This paper traces recent developments in the criminalization of spousal violence in the UK and in Israel, and addresses a new controversy regarding the meaning and the wrongfulness of such violence. The paper shows how intimate-partner violence has, in recent years, come to be acknowledged as a unique type of crime – a form of abuse, which goes beyond physical violence to include psychological and economic abuse. While contemporary accounts conceptualize, and consequently justify, offenses of spousal abuse relying on an abuse-of-trust theory, or on a “liberty crime” framework, this paper draws on the sociology and history of spousal relationships as patriarchal authority relations, to critically assess the new style of criminalizing spousal abuse. I argue that through acknowledging the shadows (or ghosts) of historical patriarchal authority, the new abuse offenses might risk its lingering presence in spousal relationships, rather than its disappearance.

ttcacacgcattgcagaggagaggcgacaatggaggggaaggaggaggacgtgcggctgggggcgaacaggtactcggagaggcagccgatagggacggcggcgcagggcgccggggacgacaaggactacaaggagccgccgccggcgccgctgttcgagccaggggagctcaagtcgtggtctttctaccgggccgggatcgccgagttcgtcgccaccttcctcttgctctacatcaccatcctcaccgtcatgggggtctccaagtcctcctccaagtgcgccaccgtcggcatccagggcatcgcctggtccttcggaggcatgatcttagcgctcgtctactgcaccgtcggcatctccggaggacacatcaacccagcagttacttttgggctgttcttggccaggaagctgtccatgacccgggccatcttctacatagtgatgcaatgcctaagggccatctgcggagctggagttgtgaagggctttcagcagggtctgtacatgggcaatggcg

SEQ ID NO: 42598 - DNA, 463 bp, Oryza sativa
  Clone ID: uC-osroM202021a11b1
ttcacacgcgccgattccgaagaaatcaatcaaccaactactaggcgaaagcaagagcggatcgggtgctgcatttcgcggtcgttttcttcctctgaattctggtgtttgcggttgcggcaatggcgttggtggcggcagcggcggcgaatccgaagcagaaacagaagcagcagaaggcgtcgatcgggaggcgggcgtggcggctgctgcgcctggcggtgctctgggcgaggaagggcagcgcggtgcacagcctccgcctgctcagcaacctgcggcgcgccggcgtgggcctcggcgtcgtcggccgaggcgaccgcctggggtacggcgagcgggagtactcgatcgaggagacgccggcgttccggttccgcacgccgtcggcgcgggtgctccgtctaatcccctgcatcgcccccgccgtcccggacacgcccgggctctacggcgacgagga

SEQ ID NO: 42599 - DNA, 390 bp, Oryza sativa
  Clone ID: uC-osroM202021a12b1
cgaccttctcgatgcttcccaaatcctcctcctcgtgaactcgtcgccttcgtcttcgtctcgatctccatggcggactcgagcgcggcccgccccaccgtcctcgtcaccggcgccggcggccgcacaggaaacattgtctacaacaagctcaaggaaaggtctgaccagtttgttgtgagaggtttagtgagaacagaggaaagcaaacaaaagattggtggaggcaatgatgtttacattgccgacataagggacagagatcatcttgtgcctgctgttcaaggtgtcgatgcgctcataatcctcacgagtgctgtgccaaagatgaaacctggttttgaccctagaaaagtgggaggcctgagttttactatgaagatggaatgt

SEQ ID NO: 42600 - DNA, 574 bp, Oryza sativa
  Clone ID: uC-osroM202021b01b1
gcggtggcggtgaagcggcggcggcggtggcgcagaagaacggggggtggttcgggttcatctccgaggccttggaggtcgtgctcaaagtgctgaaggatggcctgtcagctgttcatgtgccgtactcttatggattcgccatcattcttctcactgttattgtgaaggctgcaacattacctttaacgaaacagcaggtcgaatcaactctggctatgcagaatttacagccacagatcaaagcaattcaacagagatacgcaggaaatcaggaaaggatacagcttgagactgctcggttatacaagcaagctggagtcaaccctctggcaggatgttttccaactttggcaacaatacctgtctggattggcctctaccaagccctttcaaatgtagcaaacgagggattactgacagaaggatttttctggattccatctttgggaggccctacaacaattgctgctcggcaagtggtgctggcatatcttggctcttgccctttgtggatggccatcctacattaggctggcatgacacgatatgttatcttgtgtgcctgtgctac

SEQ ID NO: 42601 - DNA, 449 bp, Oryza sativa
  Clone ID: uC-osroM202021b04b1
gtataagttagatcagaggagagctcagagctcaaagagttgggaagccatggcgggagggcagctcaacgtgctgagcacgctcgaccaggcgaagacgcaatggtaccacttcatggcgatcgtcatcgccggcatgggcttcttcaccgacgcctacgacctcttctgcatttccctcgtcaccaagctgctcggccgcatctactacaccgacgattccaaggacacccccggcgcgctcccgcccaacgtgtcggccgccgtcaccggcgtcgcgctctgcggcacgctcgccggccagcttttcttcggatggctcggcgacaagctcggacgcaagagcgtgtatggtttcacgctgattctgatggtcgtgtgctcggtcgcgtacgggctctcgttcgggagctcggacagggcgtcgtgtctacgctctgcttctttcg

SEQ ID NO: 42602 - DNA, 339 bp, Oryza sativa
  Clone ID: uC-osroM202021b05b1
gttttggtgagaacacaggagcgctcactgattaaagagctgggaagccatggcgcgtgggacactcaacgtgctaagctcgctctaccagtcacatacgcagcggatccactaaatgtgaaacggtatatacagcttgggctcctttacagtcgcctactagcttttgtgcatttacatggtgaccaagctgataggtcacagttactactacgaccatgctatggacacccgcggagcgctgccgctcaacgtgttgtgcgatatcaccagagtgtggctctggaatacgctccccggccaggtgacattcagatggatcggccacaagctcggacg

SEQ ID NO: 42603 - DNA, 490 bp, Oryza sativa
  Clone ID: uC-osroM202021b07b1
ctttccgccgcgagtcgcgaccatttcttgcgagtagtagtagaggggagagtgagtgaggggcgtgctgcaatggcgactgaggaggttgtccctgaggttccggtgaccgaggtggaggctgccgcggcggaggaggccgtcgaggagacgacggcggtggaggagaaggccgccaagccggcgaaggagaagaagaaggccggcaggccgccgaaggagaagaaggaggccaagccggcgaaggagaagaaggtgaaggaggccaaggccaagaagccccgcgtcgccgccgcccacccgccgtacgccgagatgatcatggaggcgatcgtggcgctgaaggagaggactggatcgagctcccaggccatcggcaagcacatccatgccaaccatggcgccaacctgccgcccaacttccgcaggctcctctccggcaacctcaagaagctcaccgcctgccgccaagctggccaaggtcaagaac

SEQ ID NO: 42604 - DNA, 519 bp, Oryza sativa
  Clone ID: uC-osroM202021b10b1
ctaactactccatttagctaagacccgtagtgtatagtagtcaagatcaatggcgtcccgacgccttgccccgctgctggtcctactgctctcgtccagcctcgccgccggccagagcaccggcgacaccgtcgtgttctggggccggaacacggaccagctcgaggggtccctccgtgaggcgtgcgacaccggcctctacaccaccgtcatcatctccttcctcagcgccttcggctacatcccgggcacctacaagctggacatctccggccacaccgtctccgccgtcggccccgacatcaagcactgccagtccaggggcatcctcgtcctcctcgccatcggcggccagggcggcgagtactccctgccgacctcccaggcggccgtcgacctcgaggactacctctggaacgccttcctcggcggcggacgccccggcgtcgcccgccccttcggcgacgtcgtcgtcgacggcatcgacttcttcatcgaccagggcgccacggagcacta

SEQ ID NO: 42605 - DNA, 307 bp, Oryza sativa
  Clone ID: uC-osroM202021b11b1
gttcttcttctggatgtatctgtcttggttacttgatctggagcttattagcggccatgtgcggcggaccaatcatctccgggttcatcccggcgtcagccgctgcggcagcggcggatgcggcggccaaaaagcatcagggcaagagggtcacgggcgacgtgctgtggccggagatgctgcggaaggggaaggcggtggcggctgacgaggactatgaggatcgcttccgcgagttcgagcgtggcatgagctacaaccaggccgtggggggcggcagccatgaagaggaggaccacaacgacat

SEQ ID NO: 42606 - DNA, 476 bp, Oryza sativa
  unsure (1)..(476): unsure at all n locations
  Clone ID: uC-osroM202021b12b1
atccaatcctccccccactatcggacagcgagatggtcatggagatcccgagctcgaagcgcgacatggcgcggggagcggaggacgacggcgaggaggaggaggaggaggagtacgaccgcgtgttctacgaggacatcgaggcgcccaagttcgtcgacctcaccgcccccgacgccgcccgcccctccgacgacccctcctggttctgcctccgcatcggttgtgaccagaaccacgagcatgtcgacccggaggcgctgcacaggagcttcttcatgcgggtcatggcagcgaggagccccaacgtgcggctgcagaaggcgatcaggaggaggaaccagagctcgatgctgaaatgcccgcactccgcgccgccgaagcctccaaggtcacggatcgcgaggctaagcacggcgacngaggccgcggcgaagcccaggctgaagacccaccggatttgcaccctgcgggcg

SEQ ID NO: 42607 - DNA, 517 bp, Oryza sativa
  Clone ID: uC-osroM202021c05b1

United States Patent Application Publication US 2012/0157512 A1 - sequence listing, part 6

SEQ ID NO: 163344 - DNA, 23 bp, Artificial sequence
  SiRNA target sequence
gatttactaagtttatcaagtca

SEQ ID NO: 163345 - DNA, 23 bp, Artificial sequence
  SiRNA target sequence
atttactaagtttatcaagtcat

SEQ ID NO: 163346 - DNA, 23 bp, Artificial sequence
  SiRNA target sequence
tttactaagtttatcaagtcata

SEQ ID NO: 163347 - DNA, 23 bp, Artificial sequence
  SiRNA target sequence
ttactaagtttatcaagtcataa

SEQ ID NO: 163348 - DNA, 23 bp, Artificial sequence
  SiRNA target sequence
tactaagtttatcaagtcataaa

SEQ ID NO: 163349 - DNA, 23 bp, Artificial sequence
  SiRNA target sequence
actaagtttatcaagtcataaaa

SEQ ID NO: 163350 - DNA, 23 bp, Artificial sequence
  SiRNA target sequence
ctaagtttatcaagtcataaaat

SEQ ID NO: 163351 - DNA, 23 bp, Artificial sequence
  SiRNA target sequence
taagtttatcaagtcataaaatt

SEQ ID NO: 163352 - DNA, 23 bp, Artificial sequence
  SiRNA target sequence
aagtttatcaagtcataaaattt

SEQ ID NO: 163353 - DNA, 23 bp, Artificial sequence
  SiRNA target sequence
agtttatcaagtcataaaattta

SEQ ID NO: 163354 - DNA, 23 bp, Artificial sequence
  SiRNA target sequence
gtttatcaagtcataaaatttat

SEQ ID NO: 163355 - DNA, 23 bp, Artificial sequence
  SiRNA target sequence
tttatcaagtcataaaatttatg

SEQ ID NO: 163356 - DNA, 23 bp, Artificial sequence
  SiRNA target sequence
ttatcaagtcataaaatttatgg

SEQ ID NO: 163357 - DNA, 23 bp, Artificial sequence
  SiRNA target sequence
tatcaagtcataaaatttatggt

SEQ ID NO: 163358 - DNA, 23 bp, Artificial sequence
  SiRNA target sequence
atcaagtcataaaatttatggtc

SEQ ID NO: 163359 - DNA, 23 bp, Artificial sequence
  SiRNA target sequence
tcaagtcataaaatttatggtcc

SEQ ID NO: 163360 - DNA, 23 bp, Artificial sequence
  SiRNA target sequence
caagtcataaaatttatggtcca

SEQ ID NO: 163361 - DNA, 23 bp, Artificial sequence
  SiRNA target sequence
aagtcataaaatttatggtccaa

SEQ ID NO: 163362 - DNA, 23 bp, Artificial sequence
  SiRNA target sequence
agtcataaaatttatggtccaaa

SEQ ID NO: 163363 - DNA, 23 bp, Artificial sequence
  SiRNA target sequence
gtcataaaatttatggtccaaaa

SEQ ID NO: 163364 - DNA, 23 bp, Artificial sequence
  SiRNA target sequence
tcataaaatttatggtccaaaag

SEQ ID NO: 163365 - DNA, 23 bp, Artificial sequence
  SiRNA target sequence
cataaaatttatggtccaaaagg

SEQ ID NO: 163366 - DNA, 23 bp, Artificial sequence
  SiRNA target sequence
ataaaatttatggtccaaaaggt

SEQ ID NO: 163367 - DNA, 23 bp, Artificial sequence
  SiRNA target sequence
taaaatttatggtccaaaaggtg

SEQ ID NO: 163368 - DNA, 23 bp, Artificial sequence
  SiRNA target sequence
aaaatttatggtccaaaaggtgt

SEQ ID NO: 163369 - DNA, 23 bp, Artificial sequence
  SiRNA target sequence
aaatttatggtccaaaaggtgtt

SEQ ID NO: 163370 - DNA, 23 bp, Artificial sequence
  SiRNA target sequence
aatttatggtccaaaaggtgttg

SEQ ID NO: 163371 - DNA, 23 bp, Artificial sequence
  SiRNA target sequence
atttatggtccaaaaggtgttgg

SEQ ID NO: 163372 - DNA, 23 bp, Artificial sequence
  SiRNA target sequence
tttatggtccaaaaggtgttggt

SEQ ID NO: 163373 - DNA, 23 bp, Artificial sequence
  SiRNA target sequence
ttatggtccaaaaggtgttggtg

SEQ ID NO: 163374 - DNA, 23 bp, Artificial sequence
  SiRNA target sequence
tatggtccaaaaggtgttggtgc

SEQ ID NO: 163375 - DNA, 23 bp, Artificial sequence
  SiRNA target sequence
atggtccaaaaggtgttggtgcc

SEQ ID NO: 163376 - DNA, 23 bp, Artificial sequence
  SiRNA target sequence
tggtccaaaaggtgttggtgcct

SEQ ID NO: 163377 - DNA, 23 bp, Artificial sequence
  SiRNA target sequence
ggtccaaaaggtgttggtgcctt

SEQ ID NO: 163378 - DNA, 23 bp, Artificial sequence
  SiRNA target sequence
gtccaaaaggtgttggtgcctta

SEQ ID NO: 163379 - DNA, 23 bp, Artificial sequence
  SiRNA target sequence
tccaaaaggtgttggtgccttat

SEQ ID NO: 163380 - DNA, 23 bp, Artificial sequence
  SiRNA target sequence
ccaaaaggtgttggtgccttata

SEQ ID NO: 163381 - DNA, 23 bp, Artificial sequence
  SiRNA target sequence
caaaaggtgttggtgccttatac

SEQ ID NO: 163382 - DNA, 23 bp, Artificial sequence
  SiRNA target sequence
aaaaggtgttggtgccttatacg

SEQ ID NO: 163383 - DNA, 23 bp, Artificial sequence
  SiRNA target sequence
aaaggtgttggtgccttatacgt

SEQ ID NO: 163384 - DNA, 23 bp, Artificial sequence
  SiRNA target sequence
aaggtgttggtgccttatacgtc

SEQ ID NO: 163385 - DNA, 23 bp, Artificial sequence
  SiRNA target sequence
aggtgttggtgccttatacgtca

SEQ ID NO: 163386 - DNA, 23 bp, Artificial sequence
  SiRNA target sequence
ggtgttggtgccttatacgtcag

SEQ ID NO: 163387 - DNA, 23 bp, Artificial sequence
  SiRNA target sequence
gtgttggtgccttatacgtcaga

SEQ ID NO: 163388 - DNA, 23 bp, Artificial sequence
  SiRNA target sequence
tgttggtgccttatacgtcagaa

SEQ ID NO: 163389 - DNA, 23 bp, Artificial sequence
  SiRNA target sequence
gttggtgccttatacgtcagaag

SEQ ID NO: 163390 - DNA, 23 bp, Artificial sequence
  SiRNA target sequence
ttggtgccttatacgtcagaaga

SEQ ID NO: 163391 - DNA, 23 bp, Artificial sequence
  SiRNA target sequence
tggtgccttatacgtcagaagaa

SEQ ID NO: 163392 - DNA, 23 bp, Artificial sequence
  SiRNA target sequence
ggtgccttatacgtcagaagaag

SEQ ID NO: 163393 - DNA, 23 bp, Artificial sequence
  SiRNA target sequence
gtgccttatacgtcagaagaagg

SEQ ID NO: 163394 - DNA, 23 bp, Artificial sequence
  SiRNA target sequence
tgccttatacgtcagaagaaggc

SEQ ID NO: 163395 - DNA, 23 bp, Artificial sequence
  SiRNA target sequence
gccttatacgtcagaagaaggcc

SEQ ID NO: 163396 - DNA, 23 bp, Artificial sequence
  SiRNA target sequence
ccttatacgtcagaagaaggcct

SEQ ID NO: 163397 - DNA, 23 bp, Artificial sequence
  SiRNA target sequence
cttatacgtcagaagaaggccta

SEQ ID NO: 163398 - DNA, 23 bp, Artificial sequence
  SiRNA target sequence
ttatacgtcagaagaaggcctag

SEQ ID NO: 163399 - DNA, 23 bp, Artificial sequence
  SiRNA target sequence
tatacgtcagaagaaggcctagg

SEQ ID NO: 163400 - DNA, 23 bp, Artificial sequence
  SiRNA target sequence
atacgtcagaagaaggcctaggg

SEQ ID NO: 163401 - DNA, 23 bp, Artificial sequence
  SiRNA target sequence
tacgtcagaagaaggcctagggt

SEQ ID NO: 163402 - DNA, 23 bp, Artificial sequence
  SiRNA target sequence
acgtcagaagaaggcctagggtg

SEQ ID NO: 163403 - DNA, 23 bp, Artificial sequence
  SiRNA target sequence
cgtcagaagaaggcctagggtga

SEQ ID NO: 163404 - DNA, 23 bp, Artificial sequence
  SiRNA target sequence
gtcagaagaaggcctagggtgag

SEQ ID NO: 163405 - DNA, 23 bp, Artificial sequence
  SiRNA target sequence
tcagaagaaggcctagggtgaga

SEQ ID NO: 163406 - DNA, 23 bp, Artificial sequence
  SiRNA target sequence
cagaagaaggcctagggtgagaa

We look forward to welcoming you on July 3-5, 2023 for our Annual Conference entitled "Islands and Ocean: Public Law in a Plural World." The conference will take place at the Victoria University of Wellington, in New Zealand. We will be announcing more details about the conference soon, including financial support to early career and global south scholars!